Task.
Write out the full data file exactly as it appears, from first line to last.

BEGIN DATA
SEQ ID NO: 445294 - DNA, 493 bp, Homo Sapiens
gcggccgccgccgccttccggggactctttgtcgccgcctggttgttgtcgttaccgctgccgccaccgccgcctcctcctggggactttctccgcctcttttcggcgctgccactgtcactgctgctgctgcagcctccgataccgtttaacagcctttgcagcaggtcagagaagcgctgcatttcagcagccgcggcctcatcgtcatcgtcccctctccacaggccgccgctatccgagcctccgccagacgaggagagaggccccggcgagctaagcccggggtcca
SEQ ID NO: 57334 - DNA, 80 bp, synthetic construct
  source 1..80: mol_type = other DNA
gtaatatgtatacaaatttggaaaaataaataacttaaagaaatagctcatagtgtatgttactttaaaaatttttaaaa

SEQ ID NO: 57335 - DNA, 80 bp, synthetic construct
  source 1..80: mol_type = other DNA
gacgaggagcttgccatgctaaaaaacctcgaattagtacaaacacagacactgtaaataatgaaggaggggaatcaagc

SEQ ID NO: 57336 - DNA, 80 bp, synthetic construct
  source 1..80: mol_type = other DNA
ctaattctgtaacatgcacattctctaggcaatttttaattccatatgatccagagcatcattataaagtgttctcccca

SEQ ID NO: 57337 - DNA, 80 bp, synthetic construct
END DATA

SEQ ID NO: 445294 - DNA, 493 bp, Homo Sapiens
gcggccgccgccgccttccggggactctttgtcgccgcctggttgttgtcgttaccgctgccgccaccgccgcctcctcctggggactttctccgcctcttttcggcgctgccactgtcactgctgctgctgcagcctccgataccgtttaacagcctttgcagcaggtcagagaagcgctgcatttcagcagccgcggcctcatcgtcatcgtcccctctccacaggccgccgctatccgagcctccgccagacgaggagagaggccccggcgagctaagcccggggtcca
SEQ ID NO: 57334 - DNA, 80 bp, synthetic construct
  source 1..80: mol_type = other DNA
gtaatatgtatacaaatttggaaaaataaataacttaaagaaatagctcatagtgtatgttactttaaaaatttttaaaa

SEQ ID NO: 57335 - DNA, 80 bp, synthetic construct
  source 1..80: mol_type = other DNA
gacgaggagcttgccatgctaaaaaacctcgaattagtacaaacacagacactgtaaataatgaaggaggggaatcaagc

SEQ ID NO: 57336 - DNA, 80 bp, synthetic construct
  source 1..80: mol_type = other DNA
ctaattctgtaacatgcacattctctaggcaatttttaattccatatgatccagagcatcattataaagtgttctcccca

SEQ ID NO: 57337 - DNA, 80 bp, synthetic construct